At Kingsburg Orchards, Kosher Coatings Make Their Fruits Peachy Keen

An OU employee, let’s call him Chaim, recently called me during his recent trip out west. “Rabbi,” he asked, “I’m standing here in the produce section of a Walmart in Nevada. And I see peaches that have a sticker with an OU on it. Is this for real?”

“Yes,” I replied, knowing that we had begun certifying a fruit distributor but startled that they had made it all the way out to Nevada.

“But what are we certifying?” Chaim asked. “Everyone knows peaches are kosher. Why do they need an OU?”  “Of course, of course, peaches are kosher,” I told him. “We’re making sure that the coatings that are on the peaches are also kosher. You’d be amazed at the kinds of ingredients used to make the coatings.”

“Oh,” he said, “Now I understand. Thanks a lot. I was just checking to make sure that the OU symbol was not a mistake.”   “No,” I reassured him. “This OU is supposed to be there.”

Last year a California-based fruit distributor, Kingsburg Orchards, made a commitment to using only OU certified coatings on its top-of-the-line fresh produce, and decided to market that fact with an OU symbol on the small sticker that is applied to the produce.

Kosher coatings means that the coating is guaranteed not to contain any animal fat or protein derivatives, dairy ingredients, or shells from crustaceans.

This is not an insignificant statement.

The diversity of ingredients used in coatings manufacture would make anyone do a double-take. Last year, The New York Times (August 27, 2007) reported on research efforts at Rutgers, Oregon State University, and other food science laboratories to develop coatings that extend the shelf-life of fresh produce and, in some cases, make the produce safer. One laboratory cited in the article envisioned that “Strawberries could be dipped in a soup made from egg proteins and shrimp shells. The resulting film – invisible, edible and, ideally, flavorless – would fight mold, kill pathogens and keep the fruit ripe longer.”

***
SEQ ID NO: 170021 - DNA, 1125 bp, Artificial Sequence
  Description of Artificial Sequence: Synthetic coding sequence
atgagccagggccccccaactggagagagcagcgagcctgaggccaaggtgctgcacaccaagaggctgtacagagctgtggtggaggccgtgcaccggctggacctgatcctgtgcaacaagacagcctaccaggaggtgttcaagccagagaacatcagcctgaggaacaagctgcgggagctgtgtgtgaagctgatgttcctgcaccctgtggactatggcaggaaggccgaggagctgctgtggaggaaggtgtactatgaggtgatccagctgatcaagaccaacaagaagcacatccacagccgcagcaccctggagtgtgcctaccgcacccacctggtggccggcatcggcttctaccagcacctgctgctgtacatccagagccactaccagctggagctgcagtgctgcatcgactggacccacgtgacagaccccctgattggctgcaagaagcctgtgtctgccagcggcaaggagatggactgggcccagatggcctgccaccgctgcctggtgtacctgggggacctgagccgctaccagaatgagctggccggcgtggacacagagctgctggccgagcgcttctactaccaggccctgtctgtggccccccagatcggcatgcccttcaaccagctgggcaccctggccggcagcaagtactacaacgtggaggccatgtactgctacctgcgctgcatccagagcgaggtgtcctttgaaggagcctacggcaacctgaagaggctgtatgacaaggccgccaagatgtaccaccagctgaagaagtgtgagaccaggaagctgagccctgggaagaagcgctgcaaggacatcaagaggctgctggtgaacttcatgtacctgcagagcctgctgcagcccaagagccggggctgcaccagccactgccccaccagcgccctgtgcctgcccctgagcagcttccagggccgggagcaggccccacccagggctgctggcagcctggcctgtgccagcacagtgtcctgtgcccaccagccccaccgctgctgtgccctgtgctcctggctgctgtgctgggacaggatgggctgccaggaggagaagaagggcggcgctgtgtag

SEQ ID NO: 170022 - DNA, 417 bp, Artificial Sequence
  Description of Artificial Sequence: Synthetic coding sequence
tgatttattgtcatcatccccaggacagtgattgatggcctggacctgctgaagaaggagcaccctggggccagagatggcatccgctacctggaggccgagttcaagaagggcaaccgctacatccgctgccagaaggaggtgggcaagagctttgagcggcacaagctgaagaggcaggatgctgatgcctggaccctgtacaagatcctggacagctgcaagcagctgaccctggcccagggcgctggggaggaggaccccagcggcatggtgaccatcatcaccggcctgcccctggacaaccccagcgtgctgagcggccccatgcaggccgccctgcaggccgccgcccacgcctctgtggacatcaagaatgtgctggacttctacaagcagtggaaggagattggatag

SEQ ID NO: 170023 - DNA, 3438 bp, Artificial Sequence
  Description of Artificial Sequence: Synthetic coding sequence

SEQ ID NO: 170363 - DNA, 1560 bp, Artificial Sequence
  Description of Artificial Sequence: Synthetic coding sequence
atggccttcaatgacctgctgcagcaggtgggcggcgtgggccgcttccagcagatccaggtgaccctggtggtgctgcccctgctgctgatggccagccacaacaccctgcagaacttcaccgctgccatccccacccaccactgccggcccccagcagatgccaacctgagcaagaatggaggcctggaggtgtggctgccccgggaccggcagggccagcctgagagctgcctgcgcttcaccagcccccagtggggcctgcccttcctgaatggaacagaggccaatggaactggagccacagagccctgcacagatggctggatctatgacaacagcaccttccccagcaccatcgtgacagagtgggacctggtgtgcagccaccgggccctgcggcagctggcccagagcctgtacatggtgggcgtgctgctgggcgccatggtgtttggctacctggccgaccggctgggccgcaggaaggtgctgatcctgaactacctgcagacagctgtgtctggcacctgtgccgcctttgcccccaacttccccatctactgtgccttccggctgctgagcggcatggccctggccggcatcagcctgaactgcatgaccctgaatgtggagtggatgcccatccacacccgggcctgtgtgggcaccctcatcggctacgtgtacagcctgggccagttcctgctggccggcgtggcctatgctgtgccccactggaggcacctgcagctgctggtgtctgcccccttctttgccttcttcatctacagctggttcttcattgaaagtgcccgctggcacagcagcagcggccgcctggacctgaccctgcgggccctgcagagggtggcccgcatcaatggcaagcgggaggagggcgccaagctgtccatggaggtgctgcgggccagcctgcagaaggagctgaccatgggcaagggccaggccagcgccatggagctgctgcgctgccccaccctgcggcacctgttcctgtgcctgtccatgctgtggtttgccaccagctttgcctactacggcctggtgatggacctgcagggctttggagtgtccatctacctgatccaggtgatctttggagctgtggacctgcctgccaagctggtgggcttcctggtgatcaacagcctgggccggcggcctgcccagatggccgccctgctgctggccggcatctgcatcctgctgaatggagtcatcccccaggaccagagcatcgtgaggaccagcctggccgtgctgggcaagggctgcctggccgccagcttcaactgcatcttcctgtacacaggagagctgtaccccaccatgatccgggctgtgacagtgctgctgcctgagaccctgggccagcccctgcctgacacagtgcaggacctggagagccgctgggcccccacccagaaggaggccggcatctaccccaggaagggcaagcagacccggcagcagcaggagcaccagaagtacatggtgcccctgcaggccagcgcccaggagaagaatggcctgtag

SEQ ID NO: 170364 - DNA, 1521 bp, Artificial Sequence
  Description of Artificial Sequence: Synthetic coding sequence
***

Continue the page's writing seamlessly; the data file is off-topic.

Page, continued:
A 2002 text on coatings (Protein-Based Films and Coatings, CRC Press) features chapters on whey (milk) proteins, gelatin, and fish protein as sources for coatings on fruits and vegetables.

These formulations are not relegated to the dreams of research scientists. Currently, some coatings are produced from crustacean shells (“natural polysaccharides” is how they are often referred to in marketing literature) and others, even when produced using vegetable oil, may contain non-kosher (e.g., animal-fat derived) emulsifiers or plasticizers such as oleates or stearates.

Because of the complexity involved in coatings production, Kingsburg Orchards decided to commit to using kosher certified coatings. The company turned to U.S. Syntec of Yakima, Washington, the only OU certified manufacturer of fruit and vegetable coatings. U.S. Syntec, whose RFR is Rabbi Yitzchak Gallor, developed a product that would be perfect for Kingsburg’s beautiful produce.

Since the summer of 2007 Kingsburg Orchards has been marketing the kosher produce in various demographic centers.

“As a company Kingsburg Orchards was motivated to seek OU certification to provide additional benefits to our customers and ultimately the end consumer,” declared Chad Allred, sales and marketing team, Kingsburg Orchards. “We have found that it doesn’t matter if you are in a highly populated Jewish community or not, OU certification gives the consumer extra confidence in our products and makes them want purchase ours before those of our competitors. We chose the OU to certify our products due to the fact that it is not only widely known but also highly respected. The reputation of the OU is second to none. We have been very pleased in our relationship with the OU.”

From a Jewish law perspective, kosher observant consumers are not obligated to limit themselves to kosher certified produce. Although it is not possible to provide a pie chart or any other way of broadly representing the kinds of ingredients that are used in coatings (almost without exception, coatings manufacturers are tight-lipped about discussing what goes into their product) we can establish various presumptions about their manufacture. Based on those presumptions, the OU rabbinic board has stated that it continues to be permissible to purchase fruit without specific knowledge of what went into a specific coating’s production. Nevertheless, it is preferable to be certain about the actual ingredients used in a production. This philosophy underlies the OU’s decision to certify fruit coating.